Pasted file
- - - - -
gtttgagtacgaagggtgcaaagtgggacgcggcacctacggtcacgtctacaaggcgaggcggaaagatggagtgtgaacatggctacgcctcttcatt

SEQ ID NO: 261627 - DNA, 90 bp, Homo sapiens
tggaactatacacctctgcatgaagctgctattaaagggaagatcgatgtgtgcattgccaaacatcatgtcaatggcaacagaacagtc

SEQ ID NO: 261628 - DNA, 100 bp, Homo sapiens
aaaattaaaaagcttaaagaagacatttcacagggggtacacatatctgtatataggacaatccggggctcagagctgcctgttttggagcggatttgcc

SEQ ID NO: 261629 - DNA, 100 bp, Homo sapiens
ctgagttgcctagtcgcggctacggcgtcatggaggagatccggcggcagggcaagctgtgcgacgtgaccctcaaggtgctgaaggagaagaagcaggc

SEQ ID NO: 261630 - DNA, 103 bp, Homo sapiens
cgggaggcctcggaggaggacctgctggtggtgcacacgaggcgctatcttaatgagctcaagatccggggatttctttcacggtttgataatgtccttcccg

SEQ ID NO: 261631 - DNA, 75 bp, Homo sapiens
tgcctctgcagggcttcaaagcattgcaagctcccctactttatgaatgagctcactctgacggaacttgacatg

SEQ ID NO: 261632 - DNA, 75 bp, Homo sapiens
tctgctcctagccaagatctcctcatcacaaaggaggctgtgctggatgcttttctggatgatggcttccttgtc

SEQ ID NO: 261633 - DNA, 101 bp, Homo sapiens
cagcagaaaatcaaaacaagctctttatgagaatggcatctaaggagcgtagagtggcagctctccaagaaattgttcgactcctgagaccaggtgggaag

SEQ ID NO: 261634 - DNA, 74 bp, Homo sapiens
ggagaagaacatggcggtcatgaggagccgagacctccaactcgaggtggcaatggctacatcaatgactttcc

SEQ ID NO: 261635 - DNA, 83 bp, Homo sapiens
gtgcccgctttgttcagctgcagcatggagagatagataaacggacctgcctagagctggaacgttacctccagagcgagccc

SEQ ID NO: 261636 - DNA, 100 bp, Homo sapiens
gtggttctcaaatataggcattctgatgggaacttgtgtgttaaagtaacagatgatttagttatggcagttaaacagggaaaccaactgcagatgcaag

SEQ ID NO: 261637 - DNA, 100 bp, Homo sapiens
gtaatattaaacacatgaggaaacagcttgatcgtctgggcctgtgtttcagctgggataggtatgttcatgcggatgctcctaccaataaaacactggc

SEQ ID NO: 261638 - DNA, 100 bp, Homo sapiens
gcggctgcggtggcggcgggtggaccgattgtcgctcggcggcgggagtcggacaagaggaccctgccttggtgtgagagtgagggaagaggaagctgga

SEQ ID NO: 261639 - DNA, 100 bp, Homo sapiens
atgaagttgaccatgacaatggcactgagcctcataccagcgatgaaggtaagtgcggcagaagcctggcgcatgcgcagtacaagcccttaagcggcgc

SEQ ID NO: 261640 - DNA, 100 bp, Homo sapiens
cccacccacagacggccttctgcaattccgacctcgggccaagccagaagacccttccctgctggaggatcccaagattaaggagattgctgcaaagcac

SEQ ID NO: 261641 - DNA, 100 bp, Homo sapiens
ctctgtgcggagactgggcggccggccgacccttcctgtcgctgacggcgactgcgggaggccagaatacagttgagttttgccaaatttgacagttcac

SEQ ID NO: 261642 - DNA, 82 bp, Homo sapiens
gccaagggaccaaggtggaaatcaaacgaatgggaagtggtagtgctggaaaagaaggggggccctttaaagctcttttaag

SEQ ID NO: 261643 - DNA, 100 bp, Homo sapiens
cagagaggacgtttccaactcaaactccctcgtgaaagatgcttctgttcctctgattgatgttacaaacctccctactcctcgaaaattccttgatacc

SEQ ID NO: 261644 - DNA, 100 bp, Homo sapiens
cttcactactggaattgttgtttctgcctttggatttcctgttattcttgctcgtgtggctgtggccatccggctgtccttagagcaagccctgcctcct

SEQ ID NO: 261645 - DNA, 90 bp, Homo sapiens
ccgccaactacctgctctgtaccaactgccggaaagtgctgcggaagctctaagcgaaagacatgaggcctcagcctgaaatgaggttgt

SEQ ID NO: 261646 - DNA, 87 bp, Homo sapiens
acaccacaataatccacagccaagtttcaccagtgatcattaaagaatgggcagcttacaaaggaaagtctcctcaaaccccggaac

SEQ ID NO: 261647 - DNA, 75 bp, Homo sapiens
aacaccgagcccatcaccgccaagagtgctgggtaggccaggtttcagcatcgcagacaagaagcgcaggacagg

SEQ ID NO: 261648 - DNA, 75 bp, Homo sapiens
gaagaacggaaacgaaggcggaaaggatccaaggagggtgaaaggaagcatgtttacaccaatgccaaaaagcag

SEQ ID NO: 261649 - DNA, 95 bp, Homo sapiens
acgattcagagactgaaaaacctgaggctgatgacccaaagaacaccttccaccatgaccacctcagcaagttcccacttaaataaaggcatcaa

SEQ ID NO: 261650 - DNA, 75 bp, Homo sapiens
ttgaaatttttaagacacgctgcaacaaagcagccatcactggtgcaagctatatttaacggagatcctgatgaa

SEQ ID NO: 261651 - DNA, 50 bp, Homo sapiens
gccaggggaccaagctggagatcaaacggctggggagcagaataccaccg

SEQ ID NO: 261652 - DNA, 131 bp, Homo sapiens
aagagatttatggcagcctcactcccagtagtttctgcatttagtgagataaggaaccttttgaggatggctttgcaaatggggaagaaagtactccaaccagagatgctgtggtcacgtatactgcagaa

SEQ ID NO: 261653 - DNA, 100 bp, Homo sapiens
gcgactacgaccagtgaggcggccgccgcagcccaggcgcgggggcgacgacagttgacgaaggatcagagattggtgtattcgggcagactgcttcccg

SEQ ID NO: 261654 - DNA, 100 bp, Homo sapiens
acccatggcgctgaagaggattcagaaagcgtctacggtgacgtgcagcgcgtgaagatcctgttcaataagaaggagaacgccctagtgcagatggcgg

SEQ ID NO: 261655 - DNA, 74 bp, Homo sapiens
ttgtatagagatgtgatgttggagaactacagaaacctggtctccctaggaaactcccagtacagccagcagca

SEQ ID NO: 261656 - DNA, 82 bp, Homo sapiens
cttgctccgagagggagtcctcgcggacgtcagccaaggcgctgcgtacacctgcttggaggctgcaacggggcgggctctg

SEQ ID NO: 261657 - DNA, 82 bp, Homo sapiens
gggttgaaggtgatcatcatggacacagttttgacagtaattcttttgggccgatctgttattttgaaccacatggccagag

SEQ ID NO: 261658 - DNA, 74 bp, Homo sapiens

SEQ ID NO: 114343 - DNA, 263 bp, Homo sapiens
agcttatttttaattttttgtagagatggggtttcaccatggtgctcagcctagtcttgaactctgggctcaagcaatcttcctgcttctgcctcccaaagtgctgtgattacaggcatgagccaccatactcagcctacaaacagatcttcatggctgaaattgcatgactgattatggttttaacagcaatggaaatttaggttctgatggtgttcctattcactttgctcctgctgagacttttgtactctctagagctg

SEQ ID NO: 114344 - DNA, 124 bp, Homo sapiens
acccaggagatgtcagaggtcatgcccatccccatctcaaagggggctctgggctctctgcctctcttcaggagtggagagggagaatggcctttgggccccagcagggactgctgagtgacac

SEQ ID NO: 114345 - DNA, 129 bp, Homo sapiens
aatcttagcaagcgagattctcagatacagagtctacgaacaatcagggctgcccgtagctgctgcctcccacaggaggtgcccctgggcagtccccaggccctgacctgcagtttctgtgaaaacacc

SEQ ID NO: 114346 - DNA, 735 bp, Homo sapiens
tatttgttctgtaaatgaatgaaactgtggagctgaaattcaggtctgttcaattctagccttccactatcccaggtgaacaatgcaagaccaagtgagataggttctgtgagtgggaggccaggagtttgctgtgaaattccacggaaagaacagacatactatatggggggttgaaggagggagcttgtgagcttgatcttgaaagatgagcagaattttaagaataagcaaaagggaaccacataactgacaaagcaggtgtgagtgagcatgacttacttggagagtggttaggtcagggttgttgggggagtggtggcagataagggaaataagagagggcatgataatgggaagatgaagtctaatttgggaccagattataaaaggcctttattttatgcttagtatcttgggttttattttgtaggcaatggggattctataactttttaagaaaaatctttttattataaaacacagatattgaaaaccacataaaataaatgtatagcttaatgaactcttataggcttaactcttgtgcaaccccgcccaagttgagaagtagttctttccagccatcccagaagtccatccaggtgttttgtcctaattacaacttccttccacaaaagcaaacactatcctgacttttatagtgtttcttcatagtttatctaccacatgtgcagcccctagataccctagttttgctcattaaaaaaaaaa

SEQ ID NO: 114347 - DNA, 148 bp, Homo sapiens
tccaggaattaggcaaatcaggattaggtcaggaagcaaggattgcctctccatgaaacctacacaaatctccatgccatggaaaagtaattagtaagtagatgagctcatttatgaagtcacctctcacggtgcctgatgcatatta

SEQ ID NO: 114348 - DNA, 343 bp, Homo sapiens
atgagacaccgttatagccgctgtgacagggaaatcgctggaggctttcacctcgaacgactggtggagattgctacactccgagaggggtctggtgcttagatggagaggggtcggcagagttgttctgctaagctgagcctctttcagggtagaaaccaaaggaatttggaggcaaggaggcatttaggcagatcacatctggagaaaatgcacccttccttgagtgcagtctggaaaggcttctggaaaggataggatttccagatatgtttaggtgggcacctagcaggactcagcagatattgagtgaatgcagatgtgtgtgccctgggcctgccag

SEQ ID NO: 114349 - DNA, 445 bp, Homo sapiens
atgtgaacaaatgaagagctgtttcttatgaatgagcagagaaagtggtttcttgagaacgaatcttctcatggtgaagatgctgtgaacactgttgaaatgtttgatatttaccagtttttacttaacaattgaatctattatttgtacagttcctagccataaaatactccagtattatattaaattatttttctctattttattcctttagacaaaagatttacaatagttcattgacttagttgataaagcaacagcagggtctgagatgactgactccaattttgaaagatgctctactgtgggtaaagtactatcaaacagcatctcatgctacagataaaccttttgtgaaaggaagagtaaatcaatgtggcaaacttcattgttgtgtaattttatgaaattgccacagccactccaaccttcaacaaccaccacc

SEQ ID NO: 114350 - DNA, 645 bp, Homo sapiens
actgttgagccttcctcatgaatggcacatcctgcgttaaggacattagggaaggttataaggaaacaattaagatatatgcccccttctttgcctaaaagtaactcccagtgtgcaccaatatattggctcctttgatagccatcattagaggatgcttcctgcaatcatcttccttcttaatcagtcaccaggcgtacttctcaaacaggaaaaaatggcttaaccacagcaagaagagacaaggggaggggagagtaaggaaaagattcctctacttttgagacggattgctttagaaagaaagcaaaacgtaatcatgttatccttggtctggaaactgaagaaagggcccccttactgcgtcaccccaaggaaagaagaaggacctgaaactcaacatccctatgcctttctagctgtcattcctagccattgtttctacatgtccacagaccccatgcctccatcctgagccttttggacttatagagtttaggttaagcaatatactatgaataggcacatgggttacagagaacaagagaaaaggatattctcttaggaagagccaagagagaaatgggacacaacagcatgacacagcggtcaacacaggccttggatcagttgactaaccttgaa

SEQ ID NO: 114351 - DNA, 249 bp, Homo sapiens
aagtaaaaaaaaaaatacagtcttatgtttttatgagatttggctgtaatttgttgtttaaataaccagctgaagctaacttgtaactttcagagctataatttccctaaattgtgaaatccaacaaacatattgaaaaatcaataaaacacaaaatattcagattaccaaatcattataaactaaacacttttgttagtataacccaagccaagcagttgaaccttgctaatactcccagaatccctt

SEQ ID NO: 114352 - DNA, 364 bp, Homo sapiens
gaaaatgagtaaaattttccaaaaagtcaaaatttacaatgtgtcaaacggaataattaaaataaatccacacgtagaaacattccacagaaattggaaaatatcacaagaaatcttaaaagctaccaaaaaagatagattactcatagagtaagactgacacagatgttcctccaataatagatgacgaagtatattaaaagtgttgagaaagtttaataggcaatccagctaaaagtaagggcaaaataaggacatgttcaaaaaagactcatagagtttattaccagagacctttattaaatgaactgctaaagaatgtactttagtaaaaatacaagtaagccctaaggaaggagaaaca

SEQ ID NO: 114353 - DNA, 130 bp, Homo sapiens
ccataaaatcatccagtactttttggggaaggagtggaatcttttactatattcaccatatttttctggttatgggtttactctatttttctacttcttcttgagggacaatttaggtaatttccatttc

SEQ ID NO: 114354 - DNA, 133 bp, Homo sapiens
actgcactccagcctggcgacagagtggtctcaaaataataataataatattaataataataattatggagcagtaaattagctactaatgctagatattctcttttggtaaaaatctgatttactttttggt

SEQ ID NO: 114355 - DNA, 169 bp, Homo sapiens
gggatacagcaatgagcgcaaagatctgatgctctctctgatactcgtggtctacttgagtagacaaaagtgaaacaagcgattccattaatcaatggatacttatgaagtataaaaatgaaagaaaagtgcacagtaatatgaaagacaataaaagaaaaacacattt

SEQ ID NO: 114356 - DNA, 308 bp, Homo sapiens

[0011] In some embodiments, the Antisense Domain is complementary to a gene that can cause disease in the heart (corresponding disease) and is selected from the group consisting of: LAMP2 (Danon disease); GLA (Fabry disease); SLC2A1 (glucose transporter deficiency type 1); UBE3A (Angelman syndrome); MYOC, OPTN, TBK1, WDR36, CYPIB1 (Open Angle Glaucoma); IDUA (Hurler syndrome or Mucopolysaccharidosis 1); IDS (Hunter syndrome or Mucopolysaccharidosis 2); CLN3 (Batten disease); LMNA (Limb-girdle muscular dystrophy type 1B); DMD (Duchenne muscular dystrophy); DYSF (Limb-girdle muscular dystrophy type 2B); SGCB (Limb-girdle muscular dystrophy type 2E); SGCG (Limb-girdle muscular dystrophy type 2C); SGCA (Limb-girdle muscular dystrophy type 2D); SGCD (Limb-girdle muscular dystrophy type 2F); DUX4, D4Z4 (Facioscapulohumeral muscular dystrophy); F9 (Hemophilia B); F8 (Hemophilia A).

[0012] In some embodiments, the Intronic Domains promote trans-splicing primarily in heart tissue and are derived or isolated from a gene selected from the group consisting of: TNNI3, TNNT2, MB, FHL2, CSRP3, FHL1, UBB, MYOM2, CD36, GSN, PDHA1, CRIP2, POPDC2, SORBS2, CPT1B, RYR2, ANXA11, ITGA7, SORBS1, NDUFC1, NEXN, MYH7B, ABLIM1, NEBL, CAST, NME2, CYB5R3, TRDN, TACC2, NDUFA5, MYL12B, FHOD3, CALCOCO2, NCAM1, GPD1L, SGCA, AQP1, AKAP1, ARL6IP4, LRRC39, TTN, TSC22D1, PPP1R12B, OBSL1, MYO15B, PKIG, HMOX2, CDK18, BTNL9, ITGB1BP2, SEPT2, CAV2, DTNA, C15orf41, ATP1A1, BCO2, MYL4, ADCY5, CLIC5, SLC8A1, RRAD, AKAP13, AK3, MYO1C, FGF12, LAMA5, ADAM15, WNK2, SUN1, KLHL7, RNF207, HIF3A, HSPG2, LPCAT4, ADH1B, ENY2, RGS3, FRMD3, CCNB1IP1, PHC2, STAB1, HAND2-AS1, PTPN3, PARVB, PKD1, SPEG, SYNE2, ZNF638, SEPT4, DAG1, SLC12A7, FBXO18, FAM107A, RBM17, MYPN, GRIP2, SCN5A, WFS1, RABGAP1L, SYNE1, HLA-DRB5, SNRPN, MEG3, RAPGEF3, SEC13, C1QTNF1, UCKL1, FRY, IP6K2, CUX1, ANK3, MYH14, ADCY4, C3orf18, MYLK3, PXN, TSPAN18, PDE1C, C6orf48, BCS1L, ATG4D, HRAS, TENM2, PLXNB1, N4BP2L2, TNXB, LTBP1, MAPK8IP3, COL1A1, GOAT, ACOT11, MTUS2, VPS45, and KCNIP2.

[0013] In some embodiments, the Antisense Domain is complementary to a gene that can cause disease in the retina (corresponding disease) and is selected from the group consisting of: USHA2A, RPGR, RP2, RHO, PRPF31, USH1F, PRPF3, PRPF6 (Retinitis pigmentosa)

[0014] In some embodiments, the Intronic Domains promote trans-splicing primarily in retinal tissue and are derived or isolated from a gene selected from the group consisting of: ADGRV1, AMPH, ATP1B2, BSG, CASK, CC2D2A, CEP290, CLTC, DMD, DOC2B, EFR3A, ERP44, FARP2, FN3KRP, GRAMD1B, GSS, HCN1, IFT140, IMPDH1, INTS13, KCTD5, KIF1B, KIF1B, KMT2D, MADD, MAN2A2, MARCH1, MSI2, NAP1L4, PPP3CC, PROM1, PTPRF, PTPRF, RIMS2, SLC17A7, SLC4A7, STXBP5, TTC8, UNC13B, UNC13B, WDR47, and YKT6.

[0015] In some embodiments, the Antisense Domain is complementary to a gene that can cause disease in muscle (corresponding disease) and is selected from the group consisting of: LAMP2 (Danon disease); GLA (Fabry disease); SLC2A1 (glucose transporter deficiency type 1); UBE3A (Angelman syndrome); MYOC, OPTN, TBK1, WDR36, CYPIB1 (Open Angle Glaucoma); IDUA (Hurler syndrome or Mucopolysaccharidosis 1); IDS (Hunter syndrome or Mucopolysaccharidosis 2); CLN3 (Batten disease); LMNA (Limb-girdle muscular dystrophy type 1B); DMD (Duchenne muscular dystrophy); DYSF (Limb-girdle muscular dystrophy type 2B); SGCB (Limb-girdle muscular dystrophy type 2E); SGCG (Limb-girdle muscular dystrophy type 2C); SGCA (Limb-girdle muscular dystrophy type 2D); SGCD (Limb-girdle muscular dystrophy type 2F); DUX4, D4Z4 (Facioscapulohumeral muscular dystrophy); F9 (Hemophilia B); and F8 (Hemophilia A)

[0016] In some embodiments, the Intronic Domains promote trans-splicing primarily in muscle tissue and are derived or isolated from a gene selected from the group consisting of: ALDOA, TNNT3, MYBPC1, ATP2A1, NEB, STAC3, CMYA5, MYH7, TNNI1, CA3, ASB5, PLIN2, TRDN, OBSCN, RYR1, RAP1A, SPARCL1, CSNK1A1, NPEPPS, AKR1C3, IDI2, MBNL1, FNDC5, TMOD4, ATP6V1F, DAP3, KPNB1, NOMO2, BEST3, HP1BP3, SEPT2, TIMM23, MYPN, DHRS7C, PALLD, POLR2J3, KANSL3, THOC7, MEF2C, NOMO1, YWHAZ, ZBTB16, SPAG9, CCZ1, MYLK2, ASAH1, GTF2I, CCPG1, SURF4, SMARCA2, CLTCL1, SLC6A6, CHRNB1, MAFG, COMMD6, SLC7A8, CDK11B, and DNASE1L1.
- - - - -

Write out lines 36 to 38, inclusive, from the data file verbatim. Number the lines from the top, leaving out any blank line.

SEQ ID NO: 261644 - DNA, 100 bp, Homo sapiens
cttcactactggaattgttgtttctgcctttggatttcctgttattcttgctcgtgtggctgtggccatccggctgtccttagagcaagccctgcctcct

SEQ ID NO: 261645 - DNA, 90 bp, Homo sapiens